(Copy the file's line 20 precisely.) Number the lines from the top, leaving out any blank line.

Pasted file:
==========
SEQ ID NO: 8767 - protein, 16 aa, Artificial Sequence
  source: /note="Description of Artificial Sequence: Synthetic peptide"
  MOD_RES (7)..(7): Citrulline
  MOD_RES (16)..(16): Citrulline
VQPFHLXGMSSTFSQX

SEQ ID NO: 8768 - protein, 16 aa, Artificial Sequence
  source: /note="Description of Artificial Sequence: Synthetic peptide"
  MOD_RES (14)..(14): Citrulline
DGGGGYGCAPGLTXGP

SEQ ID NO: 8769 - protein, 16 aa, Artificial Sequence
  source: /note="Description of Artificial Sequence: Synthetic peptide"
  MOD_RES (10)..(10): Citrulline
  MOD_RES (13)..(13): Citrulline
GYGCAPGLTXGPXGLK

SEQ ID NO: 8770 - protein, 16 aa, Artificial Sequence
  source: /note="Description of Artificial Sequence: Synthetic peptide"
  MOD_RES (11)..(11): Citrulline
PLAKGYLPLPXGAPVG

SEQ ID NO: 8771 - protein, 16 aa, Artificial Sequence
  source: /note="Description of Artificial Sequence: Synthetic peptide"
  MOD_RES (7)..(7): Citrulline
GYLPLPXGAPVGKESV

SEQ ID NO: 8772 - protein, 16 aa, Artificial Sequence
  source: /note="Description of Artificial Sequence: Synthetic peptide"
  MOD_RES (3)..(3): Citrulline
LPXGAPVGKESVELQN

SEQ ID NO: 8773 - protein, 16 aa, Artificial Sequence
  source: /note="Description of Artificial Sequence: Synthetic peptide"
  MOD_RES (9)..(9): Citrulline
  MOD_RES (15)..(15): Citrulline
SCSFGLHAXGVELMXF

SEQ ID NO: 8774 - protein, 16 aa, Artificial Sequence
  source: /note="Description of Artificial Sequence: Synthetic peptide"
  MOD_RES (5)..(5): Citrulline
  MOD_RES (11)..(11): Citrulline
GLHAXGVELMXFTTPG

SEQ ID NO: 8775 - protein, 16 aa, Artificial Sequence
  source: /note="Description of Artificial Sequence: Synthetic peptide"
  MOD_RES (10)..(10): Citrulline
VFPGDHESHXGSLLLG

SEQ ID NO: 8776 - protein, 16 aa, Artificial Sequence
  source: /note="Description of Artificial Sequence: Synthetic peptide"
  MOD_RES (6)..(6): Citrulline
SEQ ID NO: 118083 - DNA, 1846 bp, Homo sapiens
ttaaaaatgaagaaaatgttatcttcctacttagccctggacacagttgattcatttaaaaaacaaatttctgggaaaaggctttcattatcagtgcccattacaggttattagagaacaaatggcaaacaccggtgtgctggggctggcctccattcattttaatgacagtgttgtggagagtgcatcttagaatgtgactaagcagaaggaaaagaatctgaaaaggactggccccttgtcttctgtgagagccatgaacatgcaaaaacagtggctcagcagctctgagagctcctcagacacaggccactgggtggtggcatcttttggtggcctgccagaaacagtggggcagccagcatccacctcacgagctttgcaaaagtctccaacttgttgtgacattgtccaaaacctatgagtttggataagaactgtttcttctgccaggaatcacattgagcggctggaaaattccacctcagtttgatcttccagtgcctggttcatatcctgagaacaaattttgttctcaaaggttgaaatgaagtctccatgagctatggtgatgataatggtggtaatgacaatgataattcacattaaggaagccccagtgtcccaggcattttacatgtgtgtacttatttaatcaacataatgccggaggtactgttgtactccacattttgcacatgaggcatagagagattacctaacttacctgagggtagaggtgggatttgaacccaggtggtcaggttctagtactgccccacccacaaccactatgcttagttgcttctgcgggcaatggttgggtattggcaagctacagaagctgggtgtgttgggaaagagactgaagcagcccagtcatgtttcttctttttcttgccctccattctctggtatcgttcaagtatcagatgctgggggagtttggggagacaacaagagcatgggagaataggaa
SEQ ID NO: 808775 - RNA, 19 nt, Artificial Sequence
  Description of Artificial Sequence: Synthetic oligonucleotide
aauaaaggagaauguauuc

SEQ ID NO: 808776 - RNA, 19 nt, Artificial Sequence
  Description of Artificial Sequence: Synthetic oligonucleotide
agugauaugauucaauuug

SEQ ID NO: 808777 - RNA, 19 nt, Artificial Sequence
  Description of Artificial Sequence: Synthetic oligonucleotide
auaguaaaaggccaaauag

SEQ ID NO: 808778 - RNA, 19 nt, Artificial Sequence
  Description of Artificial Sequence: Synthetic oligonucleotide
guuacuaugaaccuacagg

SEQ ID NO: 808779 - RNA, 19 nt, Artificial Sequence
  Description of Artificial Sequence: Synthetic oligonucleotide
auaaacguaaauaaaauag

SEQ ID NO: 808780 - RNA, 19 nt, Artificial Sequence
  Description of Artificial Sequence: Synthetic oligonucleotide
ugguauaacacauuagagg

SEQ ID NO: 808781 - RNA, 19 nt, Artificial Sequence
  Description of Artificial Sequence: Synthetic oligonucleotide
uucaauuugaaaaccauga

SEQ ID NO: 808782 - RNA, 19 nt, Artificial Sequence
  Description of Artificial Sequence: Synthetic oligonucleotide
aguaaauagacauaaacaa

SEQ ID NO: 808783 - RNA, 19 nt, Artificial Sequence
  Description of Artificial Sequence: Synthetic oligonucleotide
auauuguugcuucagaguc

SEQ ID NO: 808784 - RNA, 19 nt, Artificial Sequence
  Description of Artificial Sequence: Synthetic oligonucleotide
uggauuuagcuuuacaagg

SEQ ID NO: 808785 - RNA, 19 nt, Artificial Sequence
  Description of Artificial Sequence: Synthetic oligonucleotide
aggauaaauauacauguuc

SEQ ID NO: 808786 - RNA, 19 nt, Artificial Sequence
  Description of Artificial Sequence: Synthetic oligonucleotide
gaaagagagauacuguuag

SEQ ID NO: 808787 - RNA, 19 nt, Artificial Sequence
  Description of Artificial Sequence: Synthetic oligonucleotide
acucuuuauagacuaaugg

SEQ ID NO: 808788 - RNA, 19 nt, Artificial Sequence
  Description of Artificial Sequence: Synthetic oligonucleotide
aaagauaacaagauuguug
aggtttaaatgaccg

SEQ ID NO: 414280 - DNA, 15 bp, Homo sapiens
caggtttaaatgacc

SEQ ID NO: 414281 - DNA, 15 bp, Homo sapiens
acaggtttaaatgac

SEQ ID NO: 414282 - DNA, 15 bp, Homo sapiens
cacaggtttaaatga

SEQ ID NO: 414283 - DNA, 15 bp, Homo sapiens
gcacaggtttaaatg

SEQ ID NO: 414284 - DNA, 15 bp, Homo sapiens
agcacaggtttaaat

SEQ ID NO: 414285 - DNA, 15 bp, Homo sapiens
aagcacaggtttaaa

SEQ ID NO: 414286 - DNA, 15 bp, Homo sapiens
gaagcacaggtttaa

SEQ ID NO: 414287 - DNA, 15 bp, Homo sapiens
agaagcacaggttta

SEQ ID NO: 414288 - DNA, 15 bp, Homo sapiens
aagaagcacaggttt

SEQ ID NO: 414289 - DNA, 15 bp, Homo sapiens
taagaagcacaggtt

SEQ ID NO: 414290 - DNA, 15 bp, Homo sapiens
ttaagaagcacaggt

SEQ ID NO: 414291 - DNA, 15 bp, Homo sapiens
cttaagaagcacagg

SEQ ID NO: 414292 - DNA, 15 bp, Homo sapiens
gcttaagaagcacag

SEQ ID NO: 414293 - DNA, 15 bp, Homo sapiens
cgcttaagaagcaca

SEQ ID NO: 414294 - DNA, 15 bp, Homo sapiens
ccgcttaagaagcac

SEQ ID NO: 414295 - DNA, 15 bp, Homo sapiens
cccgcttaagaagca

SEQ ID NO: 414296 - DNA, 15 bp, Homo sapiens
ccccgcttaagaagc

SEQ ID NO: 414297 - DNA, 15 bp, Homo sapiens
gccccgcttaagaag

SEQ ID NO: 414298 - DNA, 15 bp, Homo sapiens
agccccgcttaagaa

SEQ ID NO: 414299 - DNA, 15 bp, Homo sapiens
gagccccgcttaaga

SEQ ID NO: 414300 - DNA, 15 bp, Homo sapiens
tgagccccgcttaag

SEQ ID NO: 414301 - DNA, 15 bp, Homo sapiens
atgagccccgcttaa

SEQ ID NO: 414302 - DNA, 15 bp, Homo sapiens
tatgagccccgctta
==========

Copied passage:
  source: /note="Description of Artificial Sequence: Synthetic peptide"